Second, take the experiences people have once they are online. Harassment, shaming and abuse of women, LGBQI+ and gender-diverse individuals seem to be increasingly the norm, and this further entrenches the digital divisions. From the spreading of malicious misinformation to the non-consensual sharing of intimate images (NCII) to death threats, these attacks have a chilling and detrimental impact on human lives on the ground. Personal accounts from female public and political figures, for instance, suggest some pretty shocking abuse on social media platforms like Twitter. And a Pew study conducted in the United States showed that 41 % of Americans said they experienced online harassment, and 70 % of women said they thought it was a “major problem”.
Harassment, shaming and abuse of women, LGBQI+ and gender-diverse individuals seem to be increasingly the norm, and this further entrenches the digital divisions.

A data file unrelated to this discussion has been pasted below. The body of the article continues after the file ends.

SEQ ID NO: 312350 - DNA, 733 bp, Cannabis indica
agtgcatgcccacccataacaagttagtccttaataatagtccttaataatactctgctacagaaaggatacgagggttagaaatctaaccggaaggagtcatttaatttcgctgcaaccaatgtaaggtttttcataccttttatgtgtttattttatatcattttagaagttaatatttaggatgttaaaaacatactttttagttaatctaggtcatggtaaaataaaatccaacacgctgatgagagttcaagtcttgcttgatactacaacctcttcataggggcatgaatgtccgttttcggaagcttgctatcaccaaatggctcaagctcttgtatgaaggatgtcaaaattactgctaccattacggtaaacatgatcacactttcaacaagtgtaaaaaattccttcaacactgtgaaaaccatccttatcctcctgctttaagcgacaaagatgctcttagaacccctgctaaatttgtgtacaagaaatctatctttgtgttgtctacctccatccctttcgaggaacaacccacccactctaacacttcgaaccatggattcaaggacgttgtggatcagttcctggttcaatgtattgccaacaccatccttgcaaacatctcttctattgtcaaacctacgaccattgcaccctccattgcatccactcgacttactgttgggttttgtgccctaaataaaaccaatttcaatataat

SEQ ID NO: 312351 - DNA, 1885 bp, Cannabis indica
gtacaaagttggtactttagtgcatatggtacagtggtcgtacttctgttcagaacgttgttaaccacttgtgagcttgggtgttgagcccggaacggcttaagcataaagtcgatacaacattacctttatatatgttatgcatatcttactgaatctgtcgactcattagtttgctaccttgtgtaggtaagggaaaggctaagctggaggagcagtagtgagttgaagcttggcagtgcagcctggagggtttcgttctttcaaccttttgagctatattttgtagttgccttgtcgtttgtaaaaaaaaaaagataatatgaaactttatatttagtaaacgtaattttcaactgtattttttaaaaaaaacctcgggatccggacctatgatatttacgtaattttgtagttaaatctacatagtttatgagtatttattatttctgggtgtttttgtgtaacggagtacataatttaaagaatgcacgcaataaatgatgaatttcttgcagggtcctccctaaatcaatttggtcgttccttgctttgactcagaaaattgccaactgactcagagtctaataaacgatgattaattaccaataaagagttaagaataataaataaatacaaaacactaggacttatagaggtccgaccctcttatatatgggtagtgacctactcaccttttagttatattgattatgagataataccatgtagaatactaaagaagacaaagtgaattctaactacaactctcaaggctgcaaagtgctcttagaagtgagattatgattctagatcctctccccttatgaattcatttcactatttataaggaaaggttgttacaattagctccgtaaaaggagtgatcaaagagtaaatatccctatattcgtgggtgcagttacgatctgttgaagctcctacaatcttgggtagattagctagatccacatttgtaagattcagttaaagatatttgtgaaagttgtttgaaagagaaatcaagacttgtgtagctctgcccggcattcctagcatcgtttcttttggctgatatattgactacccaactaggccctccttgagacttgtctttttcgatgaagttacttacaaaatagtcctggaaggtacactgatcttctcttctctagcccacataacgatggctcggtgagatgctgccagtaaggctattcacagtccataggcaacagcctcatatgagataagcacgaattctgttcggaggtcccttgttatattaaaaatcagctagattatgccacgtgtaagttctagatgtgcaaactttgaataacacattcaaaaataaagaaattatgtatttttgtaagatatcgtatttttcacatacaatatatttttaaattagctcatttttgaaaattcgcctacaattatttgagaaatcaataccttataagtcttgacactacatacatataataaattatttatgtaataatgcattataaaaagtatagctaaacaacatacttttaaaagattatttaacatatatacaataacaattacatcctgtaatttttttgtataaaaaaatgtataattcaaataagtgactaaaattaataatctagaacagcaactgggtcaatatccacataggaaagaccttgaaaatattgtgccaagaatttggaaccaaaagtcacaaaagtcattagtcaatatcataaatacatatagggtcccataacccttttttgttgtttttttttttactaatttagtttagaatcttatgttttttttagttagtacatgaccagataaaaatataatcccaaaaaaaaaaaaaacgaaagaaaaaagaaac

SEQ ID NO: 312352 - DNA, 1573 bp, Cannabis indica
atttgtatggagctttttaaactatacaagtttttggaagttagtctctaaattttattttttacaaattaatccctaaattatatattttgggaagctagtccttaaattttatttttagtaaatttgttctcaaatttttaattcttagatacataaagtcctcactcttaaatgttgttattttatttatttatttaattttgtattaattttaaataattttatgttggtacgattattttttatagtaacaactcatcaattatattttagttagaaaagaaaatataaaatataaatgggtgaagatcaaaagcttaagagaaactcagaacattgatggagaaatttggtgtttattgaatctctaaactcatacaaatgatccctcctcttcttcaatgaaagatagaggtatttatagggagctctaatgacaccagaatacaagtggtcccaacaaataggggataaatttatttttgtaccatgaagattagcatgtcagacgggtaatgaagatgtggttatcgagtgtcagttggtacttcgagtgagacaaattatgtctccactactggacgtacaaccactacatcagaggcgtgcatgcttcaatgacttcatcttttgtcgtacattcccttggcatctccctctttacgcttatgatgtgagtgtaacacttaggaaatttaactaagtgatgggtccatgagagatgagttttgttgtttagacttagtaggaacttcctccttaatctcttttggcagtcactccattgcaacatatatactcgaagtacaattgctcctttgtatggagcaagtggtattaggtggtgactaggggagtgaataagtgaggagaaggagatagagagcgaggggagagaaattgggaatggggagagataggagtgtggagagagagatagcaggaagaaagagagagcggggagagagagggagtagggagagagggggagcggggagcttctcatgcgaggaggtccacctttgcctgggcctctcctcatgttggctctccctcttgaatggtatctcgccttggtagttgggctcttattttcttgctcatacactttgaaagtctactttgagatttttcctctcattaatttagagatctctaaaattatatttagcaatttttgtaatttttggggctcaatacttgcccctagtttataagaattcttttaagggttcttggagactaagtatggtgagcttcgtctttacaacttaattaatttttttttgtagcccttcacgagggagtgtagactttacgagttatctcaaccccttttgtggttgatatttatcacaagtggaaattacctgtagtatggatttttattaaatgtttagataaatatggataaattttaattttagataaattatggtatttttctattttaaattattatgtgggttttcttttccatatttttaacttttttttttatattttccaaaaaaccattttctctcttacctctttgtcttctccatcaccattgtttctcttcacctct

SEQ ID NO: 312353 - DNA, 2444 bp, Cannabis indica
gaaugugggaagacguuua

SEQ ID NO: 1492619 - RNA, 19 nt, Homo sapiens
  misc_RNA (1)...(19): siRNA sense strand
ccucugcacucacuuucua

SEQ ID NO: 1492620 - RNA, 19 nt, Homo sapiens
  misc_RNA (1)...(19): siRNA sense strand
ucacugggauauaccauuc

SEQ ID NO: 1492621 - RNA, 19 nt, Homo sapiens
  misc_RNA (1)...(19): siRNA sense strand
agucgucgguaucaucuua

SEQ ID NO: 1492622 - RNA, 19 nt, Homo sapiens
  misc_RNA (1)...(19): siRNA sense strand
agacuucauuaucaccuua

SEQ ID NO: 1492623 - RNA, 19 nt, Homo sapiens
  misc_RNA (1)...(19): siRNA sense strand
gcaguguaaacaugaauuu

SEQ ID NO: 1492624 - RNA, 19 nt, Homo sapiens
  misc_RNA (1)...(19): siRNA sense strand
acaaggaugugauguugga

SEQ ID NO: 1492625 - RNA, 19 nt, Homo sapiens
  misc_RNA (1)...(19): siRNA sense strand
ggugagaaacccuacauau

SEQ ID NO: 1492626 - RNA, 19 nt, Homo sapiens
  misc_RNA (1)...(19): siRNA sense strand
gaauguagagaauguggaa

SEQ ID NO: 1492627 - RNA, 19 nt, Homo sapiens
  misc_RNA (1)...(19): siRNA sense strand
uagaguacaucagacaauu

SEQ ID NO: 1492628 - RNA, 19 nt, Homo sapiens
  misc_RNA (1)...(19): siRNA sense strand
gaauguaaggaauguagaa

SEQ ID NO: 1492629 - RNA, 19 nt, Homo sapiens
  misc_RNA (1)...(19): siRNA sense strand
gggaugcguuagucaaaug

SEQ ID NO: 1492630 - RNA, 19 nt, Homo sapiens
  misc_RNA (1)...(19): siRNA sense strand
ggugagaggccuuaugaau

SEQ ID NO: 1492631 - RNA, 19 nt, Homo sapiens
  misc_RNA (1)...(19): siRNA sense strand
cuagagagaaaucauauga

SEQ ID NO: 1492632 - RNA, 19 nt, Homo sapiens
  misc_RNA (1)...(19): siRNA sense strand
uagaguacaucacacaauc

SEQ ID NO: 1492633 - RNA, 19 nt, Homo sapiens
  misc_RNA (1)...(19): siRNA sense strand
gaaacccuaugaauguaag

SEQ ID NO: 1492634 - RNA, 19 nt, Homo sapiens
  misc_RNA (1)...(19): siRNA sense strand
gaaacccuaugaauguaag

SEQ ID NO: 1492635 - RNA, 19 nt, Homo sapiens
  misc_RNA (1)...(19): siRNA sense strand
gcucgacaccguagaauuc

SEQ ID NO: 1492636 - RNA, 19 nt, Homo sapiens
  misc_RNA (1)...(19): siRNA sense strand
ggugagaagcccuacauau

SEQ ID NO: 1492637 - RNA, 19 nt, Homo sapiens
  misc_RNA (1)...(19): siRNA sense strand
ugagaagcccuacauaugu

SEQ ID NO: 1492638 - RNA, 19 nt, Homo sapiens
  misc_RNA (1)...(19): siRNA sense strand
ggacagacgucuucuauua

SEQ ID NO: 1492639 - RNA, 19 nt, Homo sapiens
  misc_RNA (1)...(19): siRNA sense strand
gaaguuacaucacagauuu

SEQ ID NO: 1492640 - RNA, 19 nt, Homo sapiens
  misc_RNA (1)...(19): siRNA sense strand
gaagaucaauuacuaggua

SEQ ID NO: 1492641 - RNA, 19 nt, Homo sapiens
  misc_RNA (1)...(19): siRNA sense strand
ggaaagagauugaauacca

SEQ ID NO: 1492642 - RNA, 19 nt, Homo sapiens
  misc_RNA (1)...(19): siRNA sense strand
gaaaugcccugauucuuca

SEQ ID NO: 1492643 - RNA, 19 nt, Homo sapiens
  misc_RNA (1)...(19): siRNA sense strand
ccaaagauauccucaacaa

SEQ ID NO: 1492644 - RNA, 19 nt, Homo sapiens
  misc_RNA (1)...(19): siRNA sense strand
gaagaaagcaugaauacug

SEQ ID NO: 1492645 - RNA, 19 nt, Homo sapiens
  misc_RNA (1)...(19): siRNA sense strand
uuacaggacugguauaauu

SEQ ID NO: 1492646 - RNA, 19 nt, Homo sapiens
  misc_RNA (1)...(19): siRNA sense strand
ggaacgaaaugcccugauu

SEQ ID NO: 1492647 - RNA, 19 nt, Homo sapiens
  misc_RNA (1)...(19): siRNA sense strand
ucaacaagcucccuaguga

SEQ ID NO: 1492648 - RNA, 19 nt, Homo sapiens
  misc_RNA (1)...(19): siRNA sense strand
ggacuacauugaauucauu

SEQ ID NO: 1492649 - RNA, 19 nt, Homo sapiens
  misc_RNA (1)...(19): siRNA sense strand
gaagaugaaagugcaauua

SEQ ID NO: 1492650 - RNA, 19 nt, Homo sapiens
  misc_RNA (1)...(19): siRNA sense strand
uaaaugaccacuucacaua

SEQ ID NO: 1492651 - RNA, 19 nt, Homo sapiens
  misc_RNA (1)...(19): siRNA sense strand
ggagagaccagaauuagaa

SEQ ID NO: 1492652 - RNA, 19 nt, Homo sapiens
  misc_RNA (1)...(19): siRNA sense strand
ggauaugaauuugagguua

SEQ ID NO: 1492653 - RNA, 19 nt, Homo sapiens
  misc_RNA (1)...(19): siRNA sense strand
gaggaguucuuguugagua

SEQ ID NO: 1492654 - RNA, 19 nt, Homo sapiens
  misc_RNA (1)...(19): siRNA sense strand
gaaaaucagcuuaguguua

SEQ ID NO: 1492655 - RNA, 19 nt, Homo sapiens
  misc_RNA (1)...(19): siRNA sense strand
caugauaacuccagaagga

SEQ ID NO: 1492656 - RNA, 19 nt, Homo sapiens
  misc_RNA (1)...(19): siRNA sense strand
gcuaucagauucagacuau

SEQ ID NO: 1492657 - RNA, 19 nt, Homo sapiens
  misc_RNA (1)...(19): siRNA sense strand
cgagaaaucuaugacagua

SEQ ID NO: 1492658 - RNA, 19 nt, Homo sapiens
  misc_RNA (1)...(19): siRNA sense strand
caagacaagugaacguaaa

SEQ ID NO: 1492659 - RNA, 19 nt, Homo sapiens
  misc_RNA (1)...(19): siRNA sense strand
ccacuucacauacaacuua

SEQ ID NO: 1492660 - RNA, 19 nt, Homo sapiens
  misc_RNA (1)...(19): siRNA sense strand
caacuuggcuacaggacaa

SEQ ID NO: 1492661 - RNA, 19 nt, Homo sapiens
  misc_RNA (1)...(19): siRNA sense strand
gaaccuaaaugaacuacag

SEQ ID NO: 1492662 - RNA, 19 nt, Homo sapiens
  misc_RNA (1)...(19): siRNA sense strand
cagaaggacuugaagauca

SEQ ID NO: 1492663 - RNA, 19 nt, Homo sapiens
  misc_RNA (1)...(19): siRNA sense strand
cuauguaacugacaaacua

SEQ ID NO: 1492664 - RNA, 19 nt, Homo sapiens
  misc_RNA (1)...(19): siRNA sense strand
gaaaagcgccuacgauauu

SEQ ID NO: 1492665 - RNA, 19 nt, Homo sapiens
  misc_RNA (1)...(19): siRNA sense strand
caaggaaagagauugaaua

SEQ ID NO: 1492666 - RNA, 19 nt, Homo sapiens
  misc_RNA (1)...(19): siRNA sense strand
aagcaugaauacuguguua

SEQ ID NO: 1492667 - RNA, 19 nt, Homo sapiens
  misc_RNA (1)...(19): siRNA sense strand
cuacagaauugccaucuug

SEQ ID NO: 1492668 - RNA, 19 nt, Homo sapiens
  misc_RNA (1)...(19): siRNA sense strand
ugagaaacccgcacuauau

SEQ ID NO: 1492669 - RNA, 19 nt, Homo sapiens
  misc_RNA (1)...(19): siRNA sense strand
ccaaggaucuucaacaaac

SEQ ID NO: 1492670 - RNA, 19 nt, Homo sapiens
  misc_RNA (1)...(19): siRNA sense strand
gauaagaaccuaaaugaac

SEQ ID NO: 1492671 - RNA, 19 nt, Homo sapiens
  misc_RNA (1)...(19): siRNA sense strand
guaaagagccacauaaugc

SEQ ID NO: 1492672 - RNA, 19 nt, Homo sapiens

Yet unfortunately other than anecdotal personal narratives and a few studies from the global North, we don’t know how many people experience harassment and shaming in the world, and have very little evidence for what is happening in the global South to women and LGBTQI communities as they navigate the digital ecosystem. Further, we still have few means and good ideas for how to genuinely address the issues through legal, regulatory or policy mechanisms. The lack of access, the dearth of good evidence, and a shortage of policy ideas present serious challenges as our world becomes ever more digitally integrated and reliant on connectivity to conduct our work, our commerce and our communications.